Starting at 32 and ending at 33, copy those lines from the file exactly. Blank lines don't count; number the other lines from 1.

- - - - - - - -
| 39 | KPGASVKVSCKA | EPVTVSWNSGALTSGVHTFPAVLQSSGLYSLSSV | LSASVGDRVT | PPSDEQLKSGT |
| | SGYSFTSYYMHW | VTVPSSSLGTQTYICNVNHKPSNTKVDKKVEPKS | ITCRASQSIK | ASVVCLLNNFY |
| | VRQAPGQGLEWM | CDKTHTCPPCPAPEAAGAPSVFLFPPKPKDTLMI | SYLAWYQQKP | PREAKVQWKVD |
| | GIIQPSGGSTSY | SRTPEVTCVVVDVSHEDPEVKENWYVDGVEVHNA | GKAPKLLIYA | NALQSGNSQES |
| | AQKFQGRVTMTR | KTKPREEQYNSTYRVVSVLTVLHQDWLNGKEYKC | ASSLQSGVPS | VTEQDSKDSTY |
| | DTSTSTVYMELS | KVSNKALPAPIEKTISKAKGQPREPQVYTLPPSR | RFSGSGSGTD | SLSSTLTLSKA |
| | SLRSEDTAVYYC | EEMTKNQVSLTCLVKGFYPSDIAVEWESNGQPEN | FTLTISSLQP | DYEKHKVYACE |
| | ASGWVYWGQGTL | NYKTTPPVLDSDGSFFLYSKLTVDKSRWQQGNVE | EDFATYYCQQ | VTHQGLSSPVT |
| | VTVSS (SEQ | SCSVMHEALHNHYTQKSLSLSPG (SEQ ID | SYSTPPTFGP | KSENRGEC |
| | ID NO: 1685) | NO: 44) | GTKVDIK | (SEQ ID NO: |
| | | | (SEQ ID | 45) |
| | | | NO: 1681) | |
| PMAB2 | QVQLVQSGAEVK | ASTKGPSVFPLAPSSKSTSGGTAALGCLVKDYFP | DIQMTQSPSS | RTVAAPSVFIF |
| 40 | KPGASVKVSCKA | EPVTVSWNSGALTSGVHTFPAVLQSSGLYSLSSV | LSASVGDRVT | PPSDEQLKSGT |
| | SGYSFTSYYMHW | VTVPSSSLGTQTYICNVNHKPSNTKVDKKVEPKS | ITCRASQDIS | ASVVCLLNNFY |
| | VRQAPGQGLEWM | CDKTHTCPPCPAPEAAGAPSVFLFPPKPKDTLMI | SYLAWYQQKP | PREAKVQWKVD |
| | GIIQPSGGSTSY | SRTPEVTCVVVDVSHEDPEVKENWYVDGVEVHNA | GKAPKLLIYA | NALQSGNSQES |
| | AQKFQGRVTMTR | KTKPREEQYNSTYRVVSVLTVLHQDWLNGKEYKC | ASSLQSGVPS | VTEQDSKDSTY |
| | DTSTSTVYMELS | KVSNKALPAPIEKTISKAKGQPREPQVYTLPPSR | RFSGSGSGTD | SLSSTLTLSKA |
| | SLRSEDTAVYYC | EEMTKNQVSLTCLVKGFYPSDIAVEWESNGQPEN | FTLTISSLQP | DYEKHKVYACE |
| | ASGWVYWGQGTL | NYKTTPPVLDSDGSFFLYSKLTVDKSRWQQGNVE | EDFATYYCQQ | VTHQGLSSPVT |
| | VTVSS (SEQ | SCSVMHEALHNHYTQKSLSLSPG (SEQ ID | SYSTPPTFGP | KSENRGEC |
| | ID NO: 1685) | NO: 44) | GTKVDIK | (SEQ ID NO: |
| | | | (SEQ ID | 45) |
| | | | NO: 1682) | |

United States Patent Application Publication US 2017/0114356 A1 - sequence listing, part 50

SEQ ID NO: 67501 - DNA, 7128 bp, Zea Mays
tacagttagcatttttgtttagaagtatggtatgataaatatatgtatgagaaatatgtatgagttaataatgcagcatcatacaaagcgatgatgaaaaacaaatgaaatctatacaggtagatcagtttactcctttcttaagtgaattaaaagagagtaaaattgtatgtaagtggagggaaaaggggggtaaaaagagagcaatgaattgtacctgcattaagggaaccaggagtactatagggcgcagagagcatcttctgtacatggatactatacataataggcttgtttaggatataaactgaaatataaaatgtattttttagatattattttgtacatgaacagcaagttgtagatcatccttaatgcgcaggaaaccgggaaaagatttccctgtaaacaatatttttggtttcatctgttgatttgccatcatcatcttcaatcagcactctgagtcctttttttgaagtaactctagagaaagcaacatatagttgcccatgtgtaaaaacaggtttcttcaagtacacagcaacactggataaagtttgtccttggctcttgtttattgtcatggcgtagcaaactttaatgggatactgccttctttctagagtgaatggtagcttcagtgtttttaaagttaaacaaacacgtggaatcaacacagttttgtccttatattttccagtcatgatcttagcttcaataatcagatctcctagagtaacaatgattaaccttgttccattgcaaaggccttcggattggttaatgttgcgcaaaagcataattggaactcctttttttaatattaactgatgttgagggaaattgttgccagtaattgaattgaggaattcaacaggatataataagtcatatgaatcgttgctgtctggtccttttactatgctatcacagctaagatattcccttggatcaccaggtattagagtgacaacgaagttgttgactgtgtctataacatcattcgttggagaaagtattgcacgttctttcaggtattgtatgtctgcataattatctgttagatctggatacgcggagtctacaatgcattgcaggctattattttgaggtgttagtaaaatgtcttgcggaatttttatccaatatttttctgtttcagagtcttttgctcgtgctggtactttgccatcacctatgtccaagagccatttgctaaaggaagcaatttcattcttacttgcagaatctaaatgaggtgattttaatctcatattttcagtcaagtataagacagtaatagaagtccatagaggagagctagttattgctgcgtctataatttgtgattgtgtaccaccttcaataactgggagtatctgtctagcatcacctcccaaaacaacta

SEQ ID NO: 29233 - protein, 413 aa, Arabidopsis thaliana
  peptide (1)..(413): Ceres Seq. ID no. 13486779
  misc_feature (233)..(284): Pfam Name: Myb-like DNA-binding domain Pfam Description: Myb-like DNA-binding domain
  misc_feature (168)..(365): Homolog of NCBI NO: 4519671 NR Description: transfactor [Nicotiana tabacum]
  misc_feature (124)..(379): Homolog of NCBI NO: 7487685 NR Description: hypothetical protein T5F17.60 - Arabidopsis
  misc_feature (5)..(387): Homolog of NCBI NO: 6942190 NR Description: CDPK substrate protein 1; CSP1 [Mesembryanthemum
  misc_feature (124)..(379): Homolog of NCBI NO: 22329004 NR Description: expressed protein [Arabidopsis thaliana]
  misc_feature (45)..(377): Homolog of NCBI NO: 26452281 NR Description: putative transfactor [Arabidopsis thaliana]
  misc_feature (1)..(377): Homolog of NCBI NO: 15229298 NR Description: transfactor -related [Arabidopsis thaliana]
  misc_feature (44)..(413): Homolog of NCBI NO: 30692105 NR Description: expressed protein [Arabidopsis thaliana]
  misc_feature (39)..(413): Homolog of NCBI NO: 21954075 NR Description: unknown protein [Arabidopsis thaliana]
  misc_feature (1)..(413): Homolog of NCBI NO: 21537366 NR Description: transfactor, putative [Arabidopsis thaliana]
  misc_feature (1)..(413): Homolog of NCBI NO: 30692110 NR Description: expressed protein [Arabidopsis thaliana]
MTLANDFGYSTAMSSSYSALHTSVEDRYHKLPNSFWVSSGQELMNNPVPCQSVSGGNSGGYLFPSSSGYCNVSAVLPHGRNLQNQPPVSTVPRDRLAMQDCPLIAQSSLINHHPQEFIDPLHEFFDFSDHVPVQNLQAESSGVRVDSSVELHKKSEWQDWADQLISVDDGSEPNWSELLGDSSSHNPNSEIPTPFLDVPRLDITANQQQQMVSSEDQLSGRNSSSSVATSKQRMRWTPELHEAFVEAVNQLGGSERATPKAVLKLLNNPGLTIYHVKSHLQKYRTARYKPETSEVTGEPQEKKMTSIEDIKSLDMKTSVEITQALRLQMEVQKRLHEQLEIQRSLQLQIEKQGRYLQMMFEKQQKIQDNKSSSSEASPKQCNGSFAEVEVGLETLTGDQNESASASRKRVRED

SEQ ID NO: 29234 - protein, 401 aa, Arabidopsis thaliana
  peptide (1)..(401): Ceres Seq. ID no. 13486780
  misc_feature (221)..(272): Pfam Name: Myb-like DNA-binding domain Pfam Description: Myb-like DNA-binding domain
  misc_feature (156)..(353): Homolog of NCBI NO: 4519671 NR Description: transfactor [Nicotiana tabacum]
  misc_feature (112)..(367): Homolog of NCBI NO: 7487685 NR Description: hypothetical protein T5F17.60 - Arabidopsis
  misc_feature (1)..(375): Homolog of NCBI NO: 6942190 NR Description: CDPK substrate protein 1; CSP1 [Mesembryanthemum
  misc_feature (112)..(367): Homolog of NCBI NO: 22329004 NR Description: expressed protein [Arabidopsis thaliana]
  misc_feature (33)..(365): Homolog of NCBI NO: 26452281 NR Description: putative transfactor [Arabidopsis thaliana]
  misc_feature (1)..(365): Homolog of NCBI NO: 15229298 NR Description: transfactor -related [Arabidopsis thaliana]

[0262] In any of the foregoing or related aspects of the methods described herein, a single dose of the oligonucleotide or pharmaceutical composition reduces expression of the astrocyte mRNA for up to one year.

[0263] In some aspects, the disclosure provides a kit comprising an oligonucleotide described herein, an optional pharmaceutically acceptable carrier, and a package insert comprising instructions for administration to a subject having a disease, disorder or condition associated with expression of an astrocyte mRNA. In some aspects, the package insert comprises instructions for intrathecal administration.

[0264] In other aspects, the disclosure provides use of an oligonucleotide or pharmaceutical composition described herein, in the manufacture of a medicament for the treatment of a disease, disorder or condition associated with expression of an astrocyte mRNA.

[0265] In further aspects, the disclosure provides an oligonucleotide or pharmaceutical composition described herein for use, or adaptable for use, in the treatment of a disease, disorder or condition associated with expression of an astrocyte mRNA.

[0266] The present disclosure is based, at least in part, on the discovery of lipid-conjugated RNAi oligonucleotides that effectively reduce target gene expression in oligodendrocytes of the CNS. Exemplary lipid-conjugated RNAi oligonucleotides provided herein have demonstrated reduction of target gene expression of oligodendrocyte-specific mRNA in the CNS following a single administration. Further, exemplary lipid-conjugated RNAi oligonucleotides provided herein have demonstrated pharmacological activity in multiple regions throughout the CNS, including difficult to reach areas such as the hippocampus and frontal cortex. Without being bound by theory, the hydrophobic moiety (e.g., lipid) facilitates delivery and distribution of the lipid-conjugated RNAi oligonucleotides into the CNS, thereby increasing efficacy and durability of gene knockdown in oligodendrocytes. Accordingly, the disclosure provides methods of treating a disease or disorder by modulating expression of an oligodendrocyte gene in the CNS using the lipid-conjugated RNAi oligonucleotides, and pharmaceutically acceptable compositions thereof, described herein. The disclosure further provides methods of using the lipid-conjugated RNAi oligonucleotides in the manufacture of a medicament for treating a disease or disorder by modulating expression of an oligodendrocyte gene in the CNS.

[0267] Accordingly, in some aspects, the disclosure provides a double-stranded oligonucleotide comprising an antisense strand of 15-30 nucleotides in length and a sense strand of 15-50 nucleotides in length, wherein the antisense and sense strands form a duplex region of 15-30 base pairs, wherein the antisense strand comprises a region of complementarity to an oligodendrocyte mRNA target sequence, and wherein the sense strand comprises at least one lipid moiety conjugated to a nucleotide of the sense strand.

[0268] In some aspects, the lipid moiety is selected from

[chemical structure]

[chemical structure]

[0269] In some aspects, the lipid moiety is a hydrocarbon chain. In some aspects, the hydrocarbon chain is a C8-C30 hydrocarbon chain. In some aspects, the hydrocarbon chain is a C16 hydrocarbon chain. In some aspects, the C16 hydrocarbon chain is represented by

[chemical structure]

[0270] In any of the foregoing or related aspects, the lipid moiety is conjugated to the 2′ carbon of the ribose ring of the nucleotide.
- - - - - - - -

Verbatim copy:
  misc_feature (168)..(365): Homolog of NCBI NO: 4519671 NR Description: transfactor [Nicotiana tabacum]
  misc_feature (124)..(379): Homolog of NCBI NO: 7487685 NR Description: hypothetical protein T5F17.60 - Arabidopsis